“It took millions of years for man’s instincts to develop. It will take millions more for them to even vary. It is fashionable to talk about changing man. A communicator must be concerned with unchanging man. With his obsessive drive to survive, to be admired, to succeed, to love, to take care of his own.”
I always loved Bill Bernbach’s quote about unchanging man.
And how communicators need to learn who we’re talking to, so I shared it on Twitter.
Immediately someone replied that the quote was no longer relevant, technology was changing everything so fast that view was old-fashioned.
We now have so many different ways to get to people: mobile phones, tablets, smart watches, games, digital posters, 100 channels of TV, Bernbach’s quote was out of date.
Well, I wonder if every time there’s a new invention, a new piece of technology, if it changes man’s behaviour.
Cars, for instance: before cars, people used to walk to places, or get a train, or a horse-drawn bus or taxi, did cars change that?
Try walking down any busy high street at rush hour and let me know, if you’re not pushed out of the way by a shopper you’ll be knocked over by a jogger.
How about trains: the tube alone carries five million passengers a day, London taxis make 330,000 journeys a day, and Uber has 3.5 million customers in the UK.
So cars didn’t stop people doing what they were doing before they replaced the horse.
How about phones: before phones, people used to write to each other, did the phone change that, have people stopped written communication?
Last year, 306.4 BILLION emails were sent each day.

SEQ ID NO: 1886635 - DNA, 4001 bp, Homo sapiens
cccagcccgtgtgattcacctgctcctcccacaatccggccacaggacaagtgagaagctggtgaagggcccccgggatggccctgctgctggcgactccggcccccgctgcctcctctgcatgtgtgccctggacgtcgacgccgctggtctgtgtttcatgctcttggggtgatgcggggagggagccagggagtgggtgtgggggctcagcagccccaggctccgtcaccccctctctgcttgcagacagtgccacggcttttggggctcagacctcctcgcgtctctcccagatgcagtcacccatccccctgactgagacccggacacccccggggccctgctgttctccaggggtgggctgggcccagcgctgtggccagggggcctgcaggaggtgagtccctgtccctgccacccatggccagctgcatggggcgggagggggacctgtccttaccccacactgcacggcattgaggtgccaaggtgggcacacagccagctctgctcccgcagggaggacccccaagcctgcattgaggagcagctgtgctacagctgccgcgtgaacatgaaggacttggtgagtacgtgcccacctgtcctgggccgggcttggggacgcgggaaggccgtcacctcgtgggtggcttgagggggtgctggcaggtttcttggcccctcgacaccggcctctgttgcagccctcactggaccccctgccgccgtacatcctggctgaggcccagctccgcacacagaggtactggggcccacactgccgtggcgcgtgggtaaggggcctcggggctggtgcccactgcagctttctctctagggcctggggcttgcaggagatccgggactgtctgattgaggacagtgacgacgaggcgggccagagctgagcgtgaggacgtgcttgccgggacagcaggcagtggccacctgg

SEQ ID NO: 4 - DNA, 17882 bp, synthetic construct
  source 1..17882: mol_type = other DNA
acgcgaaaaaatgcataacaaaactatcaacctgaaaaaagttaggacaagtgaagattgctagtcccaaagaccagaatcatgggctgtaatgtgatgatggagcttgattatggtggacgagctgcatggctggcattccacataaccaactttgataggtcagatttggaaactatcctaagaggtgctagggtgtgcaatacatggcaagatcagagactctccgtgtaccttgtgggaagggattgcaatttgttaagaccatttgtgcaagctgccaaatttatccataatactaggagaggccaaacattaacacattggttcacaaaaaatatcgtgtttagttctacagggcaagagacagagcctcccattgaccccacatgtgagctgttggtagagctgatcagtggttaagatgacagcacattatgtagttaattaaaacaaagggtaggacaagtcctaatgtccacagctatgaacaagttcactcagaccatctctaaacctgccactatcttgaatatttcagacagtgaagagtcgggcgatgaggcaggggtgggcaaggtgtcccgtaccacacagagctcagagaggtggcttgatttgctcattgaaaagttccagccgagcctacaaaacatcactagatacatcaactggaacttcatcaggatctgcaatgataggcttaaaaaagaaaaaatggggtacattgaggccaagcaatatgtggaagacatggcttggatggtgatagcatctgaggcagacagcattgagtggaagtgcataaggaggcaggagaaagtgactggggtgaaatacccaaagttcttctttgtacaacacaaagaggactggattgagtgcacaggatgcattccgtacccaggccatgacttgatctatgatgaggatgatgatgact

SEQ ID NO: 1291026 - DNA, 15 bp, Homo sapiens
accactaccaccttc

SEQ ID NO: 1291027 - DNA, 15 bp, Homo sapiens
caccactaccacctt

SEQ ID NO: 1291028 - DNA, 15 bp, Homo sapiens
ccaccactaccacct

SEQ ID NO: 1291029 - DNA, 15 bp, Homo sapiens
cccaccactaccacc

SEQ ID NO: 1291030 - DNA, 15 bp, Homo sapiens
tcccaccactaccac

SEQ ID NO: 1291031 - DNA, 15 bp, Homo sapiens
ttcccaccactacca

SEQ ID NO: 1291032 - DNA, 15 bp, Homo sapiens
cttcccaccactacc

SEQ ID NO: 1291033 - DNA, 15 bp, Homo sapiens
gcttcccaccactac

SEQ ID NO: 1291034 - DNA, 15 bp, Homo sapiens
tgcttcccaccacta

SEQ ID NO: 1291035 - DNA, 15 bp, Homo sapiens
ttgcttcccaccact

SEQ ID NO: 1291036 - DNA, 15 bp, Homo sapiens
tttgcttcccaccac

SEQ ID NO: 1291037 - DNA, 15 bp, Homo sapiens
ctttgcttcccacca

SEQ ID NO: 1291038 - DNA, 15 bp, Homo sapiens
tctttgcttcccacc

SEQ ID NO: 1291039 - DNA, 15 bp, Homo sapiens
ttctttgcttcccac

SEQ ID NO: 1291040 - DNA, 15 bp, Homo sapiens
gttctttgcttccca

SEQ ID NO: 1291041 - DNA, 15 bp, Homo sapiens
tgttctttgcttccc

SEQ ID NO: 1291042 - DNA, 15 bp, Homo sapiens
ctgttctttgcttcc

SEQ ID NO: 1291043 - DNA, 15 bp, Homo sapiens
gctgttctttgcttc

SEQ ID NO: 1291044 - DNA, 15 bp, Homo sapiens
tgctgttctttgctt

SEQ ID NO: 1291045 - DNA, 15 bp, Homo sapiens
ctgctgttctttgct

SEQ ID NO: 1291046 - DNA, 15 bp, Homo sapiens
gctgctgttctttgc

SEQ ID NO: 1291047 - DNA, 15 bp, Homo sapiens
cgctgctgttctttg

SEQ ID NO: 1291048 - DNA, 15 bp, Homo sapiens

Presumably they weren’t just blank pages, presumably they had some words on them, presumably someone had to type the words.
So written communication hasn’t disappeared.
The fact is that the person who made that reply had a trivial, shallow understanding of what Bernbach was saying.
What he was saying is that of course the form may change, but people who can’t see any deeper than that won’t notice the basic motivation hasn’t changed.
People may change from horses to cars, but the motivation for travel remains.
They may change from letters to phones, but the motivation for communication remains.
Because, although the technology changes, basic human beings don’t.
Being able to see this allows us to operate at a more fundamental, a more powerful level.
Media may change, but the motivation to use it won’t because the people using it don’t.
Understanding this allows us to “Act, don’t react”, as Buddha said.
Jeff Bezos, the richest tech entrepreneur on the planet, gets it.
He said: “People are always asking me what’s going to change in the next 10 years.
“But a much more powerful question is: ‘What’s not going to change?’
“The answer to that question allows you to work on those things with the confidence that all the energy you put in today will still be paying dividends in the future.
“You don’t have to do a lot of research, it’s an easy question to answer.
“For Amazon, our customers want fast shipping, low prices, and a big selection.
“It’s impossible to imagine someone saying: ‘I love Amazon but I wish you delivered a bit more slowly.’
“When you identify those big ideas that are stable in time, they’re usually customer needs.”
So that’s advice from the man who virtually invented good advertising, and the man who virtually invented online shopping.
When Bernbach and Bezos are both saying the same thing, it’s probably worth listening to.
Dave Trott is the author of Creative Blindness and How to Cure It, Creative Mischief, Predatory Thinking and One Plus One Equals Three